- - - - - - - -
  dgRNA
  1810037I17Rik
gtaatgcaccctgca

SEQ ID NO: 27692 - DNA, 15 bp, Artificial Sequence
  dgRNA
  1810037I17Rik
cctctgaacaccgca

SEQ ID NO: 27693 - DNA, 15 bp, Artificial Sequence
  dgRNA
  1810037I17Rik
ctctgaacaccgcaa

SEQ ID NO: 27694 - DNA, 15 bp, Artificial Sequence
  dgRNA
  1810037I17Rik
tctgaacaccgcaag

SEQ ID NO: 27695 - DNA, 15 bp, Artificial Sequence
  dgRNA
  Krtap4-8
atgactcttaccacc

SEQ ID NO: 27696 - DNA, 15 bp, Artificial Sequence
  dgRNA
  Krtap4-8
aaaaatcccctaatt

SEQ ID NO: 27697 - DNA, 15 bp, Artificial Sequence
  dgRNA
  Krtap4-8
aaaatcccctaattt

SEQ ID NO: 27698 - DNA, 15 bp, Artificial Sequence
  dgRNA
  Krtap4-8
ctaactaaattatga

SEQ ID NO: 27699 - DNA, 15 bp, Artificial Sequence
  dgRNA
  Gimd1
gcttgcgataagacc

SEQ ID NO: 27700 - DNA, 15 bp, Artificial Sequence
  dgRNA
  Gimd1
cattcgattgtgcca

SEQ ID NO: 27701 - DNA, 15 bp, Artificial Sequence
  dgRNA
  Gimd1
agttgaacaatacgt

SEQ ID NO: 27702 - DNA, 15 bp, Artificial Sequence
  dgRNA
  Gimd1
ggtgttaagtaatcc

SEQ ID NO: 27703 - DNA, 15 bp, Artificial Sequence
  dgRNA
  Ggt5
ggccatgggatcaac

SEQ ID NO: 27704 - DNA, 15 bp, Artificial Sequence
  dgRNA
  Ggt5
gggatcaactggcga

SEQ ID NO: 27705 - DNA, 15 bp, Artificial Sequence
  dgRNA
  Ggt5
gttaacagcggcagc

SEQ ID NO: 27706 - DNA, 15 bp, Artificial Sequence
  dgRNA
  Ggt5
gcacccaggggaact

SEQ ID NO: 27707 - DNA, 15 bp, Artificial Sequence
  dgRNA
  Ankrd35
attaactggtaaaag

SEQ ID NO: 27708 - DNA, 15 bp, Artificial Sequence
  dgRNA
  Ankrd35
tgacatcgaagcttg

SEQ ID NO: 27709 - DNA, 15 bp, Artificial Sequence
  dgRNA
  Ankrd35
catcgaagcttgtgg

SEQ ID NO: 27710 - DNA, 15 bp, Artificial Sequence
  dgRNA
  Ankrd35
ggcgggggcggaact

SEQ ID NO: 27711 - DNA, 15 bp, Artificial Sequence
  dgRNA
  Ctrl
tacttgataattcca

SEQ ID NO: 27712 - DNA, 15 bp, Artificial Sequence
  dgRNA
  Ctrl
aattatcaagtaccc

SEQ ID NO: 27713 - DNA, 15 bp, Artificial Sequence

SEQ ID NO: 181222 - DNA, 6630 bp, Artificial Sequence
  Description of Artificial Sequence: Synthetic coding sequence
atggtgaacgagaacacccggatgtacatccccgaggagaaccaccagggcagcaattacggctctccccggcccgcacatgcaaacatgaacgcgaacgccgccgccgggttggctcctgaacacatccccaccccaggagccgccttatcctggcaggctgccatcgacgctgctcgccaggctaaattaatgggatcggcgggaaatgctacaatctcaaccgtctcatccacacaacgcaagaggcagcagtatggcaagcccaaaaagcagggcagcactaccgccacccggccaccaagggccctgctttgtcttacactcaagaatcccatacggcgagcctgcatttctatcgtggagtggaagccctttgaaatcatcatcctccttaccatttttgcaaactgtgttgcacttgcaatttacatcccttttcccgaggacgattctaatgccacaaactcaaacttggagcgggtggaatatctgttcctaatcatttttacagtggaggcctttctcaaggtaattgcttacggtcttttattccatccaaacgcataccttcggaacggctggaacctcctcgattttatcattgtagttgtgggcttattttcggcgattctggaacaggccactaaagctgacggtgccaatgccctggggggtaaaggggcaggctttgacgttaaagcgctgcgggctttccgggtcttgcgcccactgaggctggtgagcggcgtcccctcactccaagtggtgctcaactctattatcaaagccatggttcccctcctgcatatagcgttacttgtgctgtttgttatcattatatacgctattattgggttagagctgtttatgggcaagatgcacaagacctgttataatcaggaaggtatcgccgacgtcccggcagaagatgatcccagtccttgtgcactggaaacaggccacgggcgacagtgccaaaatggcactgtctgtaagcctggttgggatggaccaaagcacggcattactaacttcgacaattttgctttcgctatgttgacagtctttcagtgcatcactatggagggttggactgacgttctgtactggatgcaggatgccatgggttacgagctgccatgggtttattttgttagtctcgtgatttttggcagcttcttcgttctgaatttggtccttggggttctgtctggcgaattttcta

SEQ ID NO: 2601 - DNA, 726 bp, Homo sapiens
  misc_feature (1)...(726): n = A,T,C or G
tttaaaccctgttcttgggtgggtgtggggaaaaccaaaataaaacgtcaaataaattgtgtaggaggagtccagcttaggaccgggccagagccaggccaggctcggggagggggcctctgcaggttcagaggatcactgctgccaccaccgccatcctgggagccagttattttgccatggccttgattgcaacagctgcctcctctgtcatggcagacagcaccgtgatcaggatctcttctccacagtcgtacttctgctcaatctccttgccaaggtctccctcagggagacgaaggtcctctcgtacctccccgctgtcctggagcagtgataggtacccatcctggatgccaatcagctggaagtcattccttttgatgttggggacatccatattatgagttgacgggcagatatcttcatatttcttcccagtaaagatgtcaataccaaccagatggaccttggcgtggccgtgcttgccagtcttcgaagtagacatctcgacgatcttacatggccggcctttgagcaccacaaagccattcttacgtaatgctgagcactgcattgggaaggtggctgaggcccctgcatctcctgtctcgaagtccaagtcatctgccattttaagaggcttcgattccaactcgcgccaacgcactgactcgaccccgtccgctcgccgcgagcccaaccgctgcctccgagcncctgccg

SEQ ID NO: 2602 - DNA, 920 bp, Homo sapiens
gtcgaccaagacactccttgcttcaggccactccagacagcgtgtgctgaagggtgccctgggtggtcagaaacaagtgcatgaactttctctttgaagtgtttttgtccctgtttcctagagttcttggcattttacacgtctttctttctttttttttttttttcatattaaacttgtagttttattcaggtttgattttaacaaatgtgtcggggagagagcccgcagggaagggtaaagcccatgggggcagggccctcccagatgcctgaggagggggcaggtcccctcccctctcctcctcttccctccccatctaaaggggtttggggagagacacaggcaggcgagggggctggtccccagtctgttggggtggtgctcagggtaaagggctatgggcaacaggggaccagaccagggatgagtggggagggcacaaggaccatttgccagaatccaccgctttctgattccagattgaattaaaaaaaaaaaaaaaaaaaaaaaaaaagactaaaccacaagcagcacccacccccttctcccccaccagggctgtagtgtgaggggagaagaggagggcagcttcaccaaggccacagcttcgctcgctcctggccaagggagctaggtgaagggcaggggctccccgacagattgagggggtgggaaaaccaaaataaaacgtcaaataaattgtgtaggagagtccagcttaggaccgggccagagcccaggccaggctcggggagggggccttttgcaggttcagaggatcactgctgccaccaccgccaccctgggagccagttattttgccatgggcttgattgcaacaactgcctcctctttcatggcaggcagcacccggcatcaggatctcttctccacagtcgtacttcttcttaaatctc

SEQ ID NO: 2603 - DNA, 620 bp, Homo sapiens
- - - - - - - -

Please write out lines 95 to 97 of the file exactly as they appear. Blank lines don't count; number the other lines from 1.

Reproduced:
SEQ ID NO: 2602 - DNA, 920 bp, Homo sapiens
gtcgaccaagacactccttgcttcaggccactccagacagcgtgtgctgaagggtgccctgggtggtcagaaacaagtgcatgaactttctctttgaagtgtttttgtccctgtttcctagagttcttggcattttacacgtctttctttctttttttttttttttcatattaaacttgtagttttattcaggtttgattttaacaaatgtgtcggggagagagcccgcagggaagggtaaagcccatgggggcagggccctcccagatgcctgaggagggggcaggtcccctcccctctcctcctcttccctccccatctaaaggggtttggggagagacacaggcaggcgagggggctggtccccagtctgttggggtggtgctcagggtaaagggctatgggcaacaggggaccagaccagggatgagtggggagggcacaaggaccatttgccagaatccaccgctttctgattccagattgaattaaaaaaaaaaaaaaaaaaaaaaaaaaagactaaaccacaagcagcacccacccccttctcccccaccagggctgtagtgtgaggggagaagaggagggcagcttcaccaaggccacagcttcgctcgctcctggccaagggagctaggtgaagggcaggggctccccgacagattgagggggtgggaaaaccaaaataaaacgtcaaataaattgtgtaggagagtccagcttaggaccgggccagagcccaggccaggctcggggagggggccttttgcaggttcagaggatcactgctgccaccaccgccaccctgggagccagttattttgccatgggcttgattgcaacaactgcctcctctttcatggcaggcagcacccggcatcaggatctcttctccacagtcgtacttcttcttaaatctc

SEQ ID NO: 2603 - DNA, 620 bp, Homo sapiens